The Smart Guide to Google Ads Automated Bidding (Updated For 2019)

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There’s a lot of talk in the industry about manual bidding. It seems to be THE way to go for experts these days. 

But is it really? With the rise of machine learning and automation, you could save time by using smart bidding strategies.

This post will guide you through every automated bidding option available in Google Ads and give you some ideas of when to use them.

Let’s get started:

  1. Brief Introduction to Automated Bidding
  2. Should you do manual bidding?
  3. The 7 automated bidding strategies
    1. Maximize Clicks
    2. Target Search Page Location
    3. Target Outranking Share
    4. Target CPA
    5. Enhanced CPC
    6. Target ROAS
    7. Maximize Conversions
  4. Conclusion

Brief Introduction to Automated Bidding

When PPC marketing took off in the early 2000s, automated bidding options were not at the forefront. Google AdWords was set up to run on manual bids and required users to set maximum cost per click for their keywords. 

With time, this became even more complex with the addition of bid adjustments for location, time of day, device and more.

The advertiser though, wanted more control. 

They wanted to define their experience with strategies that they were familiar with. They needed better options for calculating a return on sales of products (or services) and generating leads. Advertisers needed to calculate cost of acquisition.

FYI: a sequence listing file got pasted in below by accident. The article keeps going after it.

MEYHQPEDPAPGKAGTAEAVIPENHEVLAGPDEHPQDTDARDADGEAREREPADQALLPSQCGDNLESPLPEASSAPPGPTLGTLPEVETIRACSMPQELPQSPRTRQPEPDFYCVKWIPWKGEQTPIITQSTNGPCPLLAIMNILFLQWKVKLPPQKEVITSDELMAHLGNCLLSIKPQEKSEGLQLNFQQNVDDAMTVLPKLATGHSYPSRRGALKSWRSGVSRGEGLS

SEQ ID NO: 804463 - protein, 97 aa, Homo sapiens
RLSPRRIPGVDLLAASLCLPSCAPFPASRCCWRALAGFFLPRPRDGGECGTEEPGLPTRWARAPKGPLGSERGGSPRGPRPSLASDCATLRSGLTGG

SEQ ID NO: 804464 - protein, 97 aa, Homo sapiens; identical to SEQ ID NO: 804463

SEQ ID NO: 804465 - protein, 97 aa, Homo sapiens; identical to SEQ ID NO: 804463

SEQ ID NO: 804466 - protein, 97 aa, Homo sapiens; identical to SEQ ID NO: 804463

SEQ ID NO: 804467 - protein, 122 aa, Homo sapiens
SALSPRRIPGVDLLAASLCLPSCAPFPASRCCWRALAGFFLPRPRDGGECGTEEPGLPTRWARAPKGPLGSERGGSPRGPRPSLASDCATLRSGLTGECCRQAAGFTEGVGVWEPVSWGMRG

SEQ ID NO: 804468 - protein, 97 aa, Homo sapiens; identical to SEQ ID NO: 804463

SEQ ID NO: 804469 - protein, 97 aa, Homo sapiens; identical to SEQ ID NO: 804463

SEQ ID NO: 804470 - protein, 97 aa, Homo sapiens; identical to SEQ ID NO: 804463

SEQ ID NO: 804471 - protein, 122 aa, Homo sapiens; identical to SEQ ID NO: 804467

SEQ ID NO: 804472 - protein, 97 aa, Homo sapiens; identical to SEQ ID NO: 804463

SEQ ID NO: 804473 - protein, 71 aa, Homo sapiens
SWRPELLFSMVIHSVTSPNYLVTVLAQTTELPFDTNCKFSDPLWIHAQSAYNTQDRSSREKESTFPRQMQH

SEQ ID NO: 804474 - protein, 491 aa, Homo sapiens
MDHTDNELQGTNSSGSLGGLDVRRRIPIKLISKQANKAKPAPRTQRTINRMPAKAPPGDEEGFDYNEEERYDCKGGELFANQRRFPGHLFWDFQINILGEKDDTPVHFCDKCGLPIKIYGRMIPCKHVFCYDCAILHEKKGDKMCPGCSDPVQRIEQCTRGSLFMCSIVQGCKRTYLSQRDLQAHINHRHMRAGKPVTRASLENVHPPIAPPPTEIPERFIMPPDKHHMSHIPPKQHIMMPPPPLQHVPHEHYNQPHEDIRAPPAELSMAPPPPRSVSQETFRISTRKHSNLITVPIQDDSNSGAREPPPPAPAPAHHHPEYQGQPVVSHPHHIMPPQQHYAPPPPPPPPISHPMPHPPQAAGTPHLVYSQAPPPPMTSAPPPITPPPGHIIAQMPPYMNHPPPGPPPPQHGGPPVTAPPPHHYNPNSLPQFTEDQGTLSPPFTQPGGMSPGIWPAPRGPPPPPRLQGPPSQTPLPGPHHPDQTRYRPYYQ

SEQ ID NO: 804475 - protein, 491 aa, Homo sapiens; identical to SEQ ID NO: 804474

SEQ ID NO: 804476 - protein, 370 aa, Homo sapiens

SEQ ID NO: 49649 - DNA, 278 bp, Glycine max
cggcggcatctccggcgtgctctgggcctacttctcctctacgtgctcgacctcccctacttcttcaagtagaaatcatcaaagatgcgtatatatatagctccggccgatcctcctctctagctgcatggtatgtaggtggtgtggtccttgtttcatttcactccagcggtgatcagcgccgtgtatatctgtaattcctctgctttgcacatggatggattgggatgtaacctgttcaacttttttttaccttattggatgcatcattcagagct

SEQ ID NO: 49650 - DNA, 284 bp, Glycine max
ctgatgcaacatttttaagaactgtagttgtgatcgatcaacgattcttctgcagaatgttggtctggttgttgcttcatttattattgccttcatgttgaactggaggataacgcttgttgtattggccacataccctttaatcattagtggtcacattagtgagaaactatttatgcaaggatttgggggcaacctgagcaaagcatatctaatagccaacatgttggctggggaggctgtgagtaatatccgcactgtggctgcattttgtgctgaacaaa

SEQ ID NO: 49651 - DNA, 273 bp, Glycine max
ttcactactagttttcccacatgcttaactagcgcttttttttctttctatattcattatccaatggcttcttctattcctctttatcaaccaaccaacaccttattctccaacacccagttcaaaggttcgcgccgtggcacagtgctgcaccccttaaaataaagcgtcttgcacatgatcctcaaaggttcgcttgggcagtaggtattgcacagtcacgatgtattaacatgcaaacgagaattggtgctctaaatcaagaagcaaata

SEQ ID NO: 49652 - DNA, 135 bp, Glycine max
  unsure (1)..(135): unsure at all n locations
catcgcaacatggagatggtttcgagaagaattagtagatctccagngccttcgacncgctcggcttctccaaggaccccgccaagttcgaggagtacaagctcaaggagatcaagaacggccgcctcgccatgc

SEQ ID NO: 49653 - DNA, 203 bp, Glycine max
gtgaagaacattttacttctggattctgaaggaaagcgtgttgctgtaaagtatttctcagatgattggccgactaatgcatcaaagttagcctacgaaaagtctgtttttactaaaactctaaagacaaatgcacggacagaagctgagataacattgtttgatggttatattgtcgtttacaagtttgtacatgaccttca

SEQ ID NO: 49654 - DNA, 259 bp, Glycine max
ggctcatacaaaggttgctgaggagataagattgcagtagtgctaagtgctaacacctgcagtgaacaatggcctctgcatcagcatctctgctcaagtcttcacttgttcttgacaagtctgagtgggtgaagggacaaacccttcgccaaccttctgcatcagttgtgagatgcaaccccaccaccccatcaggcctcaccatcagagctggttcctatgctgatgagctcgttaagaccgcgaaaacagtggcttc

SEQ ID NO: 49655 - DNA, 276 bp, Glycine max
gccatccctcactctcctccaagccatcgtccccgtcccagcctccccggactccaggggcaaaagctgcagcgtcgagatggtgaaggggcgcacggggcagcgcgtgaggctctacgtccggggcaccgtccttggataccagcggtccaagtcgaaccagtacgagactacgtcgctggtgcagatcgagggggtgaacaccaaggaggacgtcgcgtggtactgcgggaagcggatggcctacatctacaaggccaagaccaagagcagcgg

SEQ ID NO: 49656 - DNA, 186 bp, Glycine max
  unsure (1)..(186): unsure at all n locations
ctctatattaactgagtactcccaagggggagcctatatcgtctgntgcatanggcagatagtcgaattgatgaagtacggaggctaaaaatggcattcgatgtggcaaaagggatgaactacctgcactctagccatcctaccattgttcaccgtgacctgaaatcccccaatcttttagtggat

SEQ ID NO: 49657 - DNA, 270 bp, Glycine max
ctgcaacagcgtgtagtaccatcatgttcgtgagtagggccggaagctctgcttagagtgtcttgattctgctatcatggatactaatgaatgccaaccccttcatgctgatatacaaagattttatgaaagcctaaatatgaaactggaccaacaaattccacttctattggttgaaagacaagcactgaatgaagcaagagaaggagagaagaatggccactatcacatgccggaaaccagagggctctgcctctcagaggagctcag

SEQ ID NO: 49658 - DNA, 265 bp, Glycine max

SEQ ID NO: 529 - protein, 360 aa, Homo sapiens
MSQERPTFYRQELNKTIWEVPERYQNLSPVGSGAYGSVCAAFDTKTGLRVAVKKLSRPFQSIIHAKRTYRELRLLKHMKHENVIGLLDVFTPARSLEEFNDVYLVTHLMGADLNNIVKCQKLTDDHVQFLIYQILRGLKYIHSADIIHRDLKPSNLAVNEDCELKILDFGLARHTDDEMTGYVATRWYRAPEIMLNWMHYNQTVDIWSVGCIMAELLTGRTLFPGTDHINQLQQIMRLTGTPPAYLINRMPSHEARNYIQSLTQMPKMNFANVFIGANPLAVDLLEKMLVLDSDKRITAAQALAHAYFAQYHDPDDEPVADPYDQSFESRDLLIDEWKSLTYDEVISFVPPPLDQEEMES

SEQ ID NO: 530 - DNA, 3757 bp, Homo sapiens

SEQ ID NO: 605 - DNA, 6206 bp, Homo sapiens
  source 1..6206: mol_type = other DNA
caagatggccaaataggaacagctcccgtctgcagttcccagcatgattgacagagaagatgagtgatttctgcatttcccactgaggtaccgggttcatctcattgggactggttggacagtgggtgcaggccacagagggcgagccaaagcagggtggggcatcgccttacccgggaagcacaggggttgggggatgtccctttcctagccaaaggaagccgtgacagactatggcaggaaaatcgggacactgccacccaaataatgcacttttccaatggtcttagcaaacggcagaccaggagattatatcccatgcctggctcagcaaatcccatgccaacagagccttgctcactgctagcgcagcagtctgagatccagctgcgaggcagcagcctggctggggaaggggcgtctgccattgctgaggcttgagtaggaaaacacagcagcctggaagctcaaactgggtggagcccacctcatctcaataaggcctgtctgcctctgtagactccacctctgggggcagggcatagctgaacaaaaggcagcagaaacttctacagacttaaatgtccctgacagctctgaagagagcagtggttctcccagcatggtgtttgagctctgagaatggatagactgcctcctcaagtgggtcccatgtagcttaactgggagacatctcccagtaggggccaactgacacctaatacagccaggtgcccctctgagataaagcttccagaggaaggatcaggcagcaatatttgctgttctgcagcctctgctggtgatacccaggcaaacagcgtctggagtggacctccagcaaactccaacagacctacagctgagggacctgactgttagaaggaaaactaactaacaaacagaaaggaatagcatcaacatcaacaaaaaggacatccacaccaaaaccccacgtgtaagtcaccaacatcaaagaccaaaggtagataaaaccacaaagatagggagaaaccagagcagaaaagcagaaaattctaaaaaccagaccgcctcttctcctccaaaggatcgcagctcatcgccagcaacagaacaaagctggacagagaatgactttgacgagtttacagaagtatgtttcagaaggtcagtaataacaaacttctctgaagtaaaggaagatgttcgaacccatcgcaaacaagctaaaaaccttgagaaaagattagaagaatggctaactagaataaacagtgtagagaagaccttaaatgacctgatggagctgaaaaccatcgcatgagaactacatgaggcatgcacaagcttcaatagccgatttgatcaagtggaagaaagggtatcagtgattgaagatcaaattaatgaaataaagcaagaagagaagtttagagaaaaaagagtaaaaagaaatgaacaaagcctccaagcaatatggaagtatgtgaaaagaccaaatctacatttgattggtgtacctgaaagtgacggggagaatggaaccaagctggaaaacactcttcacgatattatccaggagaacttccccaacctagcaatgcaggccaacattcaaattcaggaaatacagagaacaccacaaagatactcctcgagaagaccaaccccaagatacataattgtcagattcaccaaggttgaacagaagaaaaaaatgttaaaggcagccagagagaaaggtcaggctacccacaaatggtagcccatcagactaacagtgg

To avoid having to do the math themselves and convert these business goals into manual bids, automated strategies were eventually introduced by Google.

There was a need for an easier solution, an automated smart bidding strategy.

Google Ads Automated Bidding


Should you do manual bidding?

Manual bidding has always been the backbone of AdWords. We’ve all heard stories of experts outright refusing to use automated strategies provided by Google. Their main argument: we don’t trust Google to give us the best return on our investment.

Are they right? Should you attempt manual bidding?

This all depends on your level of knowledge with Google Ads. In my opinion, there isn’t any scenario that doesn’t at least warrant a test run on automated bidding.